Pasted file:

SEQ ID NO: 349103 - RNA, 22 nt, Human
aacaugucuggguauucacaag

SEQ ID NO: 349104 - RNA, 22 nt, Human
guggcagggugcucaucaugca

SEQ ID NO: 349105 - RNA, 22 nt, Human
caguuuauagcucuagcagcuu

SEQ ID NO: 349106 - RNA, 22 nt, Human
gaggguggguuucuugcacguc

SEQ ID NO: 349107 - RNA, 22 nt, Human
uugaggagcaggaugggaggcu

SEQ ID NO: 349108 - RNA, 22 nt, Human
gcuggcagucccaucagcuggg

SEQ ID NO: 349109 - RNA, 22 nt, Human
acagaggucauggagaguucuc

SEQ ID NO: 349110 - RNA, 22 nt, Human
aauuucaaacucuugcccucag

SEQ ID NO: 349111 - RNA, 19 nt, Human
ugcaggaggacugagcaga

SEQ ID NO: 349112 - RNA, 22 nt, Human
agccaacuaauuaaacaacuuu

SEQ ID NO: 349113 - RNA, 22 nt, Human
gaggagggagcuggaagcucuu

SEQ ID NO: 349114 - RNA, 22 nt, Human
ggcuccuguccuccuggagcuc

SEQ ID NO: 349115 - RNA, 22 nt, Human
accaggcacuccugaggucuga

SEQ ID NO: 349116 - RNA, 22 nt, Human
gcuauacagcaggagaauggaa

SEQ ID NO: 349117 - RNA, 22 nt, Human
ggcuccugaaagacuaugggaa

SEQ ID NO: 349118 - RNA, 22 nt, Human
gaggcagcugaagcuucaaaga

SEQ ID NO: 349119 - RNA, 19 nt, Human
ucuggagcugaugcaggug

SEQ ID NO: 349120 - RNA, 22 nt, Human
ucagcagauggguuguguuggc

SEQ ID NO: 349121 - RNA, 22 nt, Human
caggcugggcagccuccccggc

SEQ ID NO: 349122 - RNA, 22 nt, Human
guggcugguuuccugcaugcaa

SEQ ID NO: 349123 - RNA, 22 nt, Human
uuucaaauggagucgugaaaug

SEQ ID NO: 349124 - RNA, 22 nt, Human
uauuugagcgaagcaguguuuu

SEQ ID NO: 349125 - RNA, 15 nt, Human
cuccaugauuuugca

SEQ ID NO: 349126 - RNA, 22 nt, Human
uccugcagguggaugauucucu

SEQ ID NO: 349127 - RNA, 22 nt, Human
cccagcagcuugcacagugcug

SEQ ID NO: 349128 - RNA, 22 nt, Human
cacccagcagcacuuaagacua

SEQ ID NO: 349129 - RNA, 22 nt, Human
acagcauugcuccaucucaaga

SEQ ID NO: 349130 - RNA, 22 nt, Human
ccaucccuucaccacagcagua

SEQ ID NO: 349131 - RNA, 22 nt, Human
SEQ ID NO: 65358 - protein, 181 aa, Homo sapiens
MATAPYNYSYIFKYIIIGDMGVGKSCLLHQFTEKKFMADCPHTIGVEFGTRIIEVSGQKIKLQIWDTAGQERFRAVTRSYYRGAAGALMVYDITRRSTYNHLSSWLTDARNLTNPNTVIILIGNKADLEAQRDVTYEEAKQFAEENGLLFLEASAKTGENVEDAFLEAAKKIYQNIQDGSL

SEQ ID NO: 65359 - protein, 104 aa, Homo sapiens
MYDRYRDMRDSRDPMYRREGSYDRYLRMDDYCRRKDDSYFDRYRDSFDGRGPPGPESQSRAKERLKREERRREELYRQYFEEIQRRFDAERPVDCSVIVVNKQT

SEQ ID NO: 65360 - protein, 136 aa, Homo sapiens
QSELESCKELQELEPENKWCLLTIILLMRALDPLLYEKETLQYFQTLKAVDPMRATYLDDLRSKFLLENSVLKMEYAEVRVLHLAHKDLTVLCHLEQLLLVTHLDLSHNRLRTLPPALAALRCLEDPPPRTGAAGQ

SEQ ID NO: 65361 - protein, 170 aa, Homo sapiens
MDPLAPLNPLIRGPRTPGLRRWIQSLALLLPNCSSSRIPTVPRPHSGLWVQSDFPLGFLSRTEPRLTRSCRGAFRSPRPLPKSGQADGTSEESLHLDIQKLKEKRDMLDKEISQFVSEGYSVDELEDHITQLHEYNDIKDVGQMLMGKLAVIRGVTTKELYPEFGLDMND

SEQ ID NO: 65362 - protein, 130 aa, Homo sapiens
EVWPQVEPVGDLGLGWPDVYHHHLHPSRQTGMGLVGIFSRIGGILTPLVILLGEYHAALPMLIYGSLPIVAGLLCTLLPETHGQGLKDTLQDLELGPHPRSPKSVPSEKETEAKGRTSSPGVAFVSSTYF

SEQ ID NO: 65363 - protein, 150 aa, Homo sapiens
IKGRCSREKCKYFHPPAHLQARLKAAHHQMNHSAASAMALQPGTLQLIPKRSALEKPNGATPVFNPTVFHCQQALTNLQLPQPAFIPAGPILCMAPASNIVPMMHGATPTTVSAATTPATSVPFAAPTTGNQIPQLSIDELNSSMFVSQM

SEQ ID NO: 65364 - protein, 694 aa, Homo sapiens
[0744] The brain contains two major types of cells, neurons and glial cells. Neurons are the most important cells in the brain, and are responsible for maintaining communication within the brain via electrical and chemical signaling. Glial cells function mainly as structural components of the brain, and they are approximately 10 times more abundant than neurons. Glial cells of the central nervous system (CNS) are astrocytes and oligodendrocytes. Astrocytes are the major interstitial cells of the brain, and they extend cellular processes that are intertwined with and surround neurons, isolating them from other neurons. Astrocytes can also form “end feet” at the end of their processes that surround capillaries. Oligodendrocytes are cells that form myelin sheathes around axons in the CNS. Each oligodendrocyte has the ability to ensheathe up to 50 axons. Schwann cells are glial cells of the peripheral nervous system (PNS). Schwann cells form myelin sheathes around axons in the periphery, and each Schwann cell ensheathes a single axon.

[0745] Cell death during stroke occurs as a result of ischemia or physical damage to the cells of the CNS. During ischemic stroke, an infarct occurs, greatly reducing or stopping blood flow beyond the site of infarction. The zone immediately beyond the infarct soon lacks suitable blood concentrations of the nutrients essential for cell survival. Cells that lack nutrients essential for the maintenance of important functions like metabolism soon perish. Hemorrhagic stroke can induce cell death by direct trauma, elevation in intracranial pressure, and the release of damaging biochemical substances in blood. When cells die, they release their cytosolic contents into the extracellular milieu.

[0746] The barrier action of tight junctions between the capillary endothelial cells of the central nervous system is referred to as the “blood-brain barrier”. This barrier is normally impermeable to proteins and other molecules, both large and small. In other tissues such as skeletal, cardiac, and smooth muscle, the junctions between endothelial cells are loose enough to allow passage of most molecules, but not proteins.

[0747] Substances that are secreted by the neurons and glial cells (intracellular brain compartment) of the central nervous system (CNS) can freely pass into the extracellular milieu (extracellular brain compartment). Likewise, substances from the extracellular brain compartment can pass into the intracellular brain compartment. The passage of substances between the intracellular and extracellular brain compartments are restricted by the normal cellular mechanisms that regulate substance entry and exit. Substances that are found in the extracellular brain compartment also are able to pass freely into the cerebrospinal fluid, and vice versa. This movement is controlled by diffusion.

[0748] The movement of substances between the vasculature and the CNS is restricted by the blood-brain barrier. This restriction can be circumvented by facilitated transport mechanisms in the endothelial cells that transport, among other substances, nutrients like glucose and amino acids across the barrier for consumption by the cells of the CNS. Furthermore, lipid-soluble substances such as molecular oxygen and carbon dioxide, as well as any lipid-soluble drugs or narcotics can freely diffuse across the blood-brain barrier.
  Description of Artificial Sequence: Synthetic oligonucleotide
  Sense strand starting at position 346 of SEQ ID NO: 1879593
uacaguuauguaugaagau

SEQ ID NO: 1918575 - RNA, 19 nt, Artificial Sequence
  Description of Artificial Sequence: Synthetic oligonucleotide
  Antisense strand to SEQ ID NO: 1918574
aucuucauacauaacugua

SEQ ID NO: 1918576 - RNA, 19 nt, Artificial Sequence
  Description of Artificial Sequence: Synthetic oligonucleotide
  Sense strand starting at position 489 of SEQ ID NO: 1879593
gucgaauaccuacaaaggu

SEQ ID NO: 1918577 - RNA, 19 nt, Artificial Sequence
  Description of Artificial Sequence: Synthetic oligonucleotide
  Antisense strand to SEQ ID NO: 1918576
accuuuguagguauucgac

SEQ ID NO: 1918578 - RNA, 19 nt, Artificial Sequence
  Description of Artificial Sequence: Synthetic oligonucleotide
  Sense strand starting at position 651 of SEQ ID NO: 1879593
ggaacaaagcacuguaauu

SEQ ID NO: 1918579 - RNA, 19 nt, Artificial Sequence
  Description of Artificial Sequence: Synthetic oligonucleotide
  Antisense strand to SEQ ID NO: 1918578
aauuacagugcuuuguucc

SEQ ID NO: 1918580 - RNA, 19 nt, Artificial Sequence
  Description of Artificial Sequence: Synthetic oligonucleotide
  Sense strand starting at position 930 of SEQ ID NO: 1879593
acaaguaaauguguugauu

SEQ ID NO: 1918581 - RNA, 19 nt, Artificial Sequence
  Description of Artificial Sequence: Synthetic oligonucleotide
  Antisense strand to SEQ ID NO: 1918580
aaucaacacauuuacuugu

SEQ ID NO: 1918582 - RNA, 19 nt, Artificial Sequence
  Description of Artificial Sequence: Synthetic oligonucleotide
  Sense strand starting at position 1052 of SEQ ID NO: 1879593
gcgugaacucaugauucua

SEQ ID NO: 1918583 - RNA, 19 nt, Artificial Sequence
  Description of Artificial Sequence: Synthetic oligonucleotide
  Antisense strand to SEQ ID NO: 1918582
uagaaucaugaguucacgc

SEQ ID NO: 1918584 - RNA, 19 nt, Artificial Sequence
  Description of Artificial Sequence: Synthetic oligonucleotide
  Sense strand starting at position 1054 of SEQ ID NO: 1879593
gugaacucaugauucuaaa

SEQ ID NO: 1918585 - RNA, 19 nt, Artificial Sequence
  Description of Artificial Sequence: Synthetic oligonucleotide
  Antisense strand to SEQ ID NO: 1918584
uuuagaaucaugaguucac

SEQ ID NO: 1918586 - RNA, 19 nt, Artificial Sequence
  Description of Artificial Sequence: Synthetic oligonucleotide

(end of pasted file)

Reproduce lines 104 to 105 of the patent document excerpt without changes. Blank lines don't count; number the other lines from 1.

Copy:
  Description of Artificial Sequence: Synthetic oligonucleotide
  Antisense strand to SEQ ID NO: 1918580